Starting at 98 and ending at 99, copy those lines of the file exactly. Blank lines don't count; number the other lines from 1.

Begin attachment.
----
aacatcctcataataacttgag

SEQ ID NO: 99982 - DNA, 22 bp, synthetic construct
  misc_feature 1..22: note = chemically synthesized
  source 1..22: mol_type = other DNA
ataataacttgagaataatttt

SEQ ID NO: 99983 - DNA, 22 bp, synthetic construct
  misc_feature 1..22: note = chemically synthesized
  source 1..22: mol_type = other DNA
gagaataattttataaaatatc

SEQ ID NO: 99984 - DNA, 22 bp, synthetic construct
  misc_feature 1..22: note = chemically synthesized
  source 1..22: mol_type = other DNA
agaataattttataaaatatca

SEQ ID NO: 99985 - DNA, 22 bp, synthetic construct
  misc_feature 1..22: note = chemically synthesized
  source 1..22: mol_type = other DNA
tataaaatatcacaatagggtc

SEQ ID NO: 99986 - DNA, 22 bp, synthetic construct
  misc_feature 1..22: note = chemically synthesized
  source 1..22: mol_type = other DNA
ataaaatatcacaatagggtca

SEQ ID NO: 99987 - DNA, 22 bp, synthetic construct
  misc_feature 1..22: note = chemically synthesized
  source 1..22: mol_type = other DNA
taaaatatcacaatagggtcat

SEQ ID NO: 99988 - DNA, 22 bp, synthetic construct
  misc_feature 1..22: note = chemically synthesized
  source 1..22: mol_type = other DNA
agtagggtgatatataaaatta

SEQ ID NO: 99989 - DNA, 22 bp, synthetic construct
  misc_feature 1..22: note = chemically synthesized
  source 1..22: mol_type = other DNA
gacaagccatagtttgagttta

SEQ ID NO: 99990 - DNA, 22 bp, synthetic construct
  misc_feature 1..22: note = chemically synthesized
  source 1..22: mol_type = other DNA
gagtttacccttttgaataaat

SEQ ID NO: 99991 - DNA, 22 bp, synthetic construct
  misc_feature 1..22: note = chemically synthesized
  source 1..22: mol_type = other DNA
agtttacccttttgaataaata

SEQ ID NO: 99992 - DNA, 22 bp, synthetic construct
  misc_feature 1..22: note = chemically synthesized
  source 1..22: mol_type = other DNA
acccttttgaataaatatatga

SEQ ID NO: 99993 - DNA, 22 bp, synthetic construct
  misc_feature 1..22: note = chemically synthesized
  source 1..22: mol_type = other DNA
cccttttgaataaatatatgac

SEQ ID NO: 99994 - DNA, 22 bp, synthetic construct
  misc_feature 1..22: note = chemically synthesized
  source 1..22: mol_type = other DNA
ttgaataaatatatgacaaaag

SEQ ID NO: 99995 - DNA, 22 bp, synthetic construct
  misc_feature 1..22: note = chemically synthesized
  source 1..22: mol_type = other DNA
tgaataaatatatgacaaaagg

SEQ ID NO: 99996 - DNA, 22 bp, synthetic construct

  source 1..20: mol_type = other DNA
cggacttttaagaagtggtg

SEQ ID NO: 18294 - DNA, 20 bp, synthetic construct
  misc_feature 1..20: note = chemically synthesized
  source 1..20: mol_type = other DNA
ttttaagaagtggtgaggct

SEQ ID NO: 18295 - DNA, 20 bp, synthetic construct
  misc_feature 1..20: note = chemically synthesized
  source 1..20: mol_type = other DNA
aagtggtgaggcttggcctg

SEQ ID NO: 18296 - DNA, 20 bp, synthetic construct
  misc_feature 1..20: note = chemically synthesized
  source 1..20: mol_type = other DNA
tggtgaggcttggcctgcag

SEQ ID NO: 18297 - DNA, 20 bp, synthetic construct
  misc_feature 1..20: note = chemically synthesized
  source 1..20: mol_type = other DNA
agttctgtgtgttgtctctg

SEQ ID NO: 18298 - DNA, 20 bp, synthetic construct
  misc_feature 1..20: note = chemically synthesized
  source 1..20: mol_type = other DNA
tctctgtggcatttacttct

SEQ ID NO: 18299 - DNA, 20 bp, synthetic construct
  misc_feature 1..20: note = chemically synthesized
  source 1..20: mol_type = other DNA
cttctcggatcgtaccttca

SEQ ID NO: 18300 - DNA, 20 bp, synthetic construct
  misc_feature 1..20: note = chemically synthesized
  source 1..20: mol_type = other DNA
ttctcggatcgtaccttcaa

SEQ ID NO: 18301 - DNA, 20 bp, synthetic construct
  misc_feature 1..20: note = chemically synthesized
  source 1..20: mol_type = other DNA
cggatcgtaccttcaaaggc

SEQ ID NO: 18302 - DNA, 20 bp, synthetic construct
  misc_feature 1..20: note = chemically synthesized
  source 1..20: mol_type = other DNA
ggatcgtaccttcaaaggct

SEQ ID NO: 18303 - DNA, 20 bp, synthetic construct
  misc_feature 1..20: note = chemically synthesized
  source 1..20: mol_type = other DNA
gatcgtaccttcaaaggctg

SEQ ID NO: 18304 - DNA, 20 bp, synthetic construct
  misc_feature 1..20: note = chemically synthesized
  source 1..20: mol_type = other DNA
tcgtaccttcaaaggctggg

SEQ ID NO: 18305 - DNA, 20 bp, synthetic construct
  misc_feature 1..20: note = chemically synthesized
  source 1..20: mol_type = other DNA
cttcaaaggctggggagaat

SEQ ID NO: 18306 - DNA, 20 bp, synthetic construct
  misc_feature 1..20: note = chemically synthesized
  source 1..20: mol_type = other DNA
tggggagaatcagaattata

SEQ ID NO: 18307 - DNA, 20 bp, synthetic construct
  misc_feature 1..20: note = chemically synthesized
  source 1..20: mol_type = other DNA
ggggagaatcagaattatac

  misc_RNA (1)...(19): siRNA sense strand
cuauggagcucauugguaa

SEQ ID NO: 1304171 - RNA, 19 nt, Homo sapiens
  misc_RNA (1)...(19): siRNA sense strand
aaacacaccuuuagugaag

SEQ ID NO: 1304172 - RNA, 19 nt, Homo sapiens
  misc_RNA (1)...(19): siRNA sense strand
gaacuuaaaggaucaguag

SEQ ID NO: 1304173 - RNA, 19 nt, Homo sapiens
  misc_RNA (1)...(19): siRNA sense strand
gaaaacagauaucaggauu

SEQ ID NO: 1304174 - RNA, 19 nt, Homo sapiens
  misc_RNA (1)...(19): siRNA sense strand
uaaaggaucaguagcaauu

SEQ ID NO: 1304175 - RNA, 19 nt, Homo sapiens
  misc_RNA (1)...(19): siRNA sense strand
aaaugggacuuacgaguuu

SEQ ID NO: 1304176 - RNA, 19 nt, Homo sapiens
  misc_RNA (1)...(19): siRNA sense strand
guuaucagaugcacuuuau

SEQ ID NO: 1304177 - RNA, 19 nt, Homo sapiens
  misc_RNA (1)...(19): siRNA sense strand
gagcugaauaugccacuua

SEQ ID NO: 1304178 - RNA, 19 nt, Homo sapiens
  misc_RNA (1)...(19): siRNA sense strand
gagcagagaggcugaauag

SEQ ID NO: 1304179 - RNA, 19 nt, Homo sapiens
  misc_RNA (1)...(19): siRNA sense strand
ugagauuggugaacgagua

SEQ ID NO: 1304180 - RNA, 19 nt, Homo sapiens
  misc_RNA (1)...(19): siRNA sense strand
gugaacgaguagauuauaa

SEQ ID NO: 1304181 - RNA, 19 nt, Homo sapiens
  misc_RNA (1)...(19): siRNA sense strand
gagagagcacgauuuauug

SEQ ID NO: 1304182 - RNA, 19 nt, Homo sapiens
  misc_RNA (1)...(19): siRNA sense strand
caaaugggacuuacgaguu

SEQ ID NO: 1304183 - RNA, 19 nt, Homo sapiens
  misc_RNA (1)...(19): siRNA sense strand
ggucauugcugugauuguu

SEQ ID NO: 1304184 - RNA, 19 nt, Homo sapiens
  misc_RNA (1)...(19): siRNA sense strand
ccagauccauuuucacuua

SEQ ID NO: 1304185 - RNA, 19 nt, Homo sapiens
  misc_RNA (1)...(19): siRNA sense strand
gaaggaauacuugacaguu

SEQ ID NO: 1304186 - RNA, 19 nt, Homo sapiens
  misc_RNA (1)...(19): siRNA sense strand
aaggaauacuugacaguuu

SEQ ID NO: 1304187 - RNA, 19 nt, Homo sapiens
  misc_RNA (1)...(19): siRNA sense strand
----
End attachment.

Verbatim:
  misc_feature 1..20: note = chemically synthesized
  source 1..20: mol_type = other DNA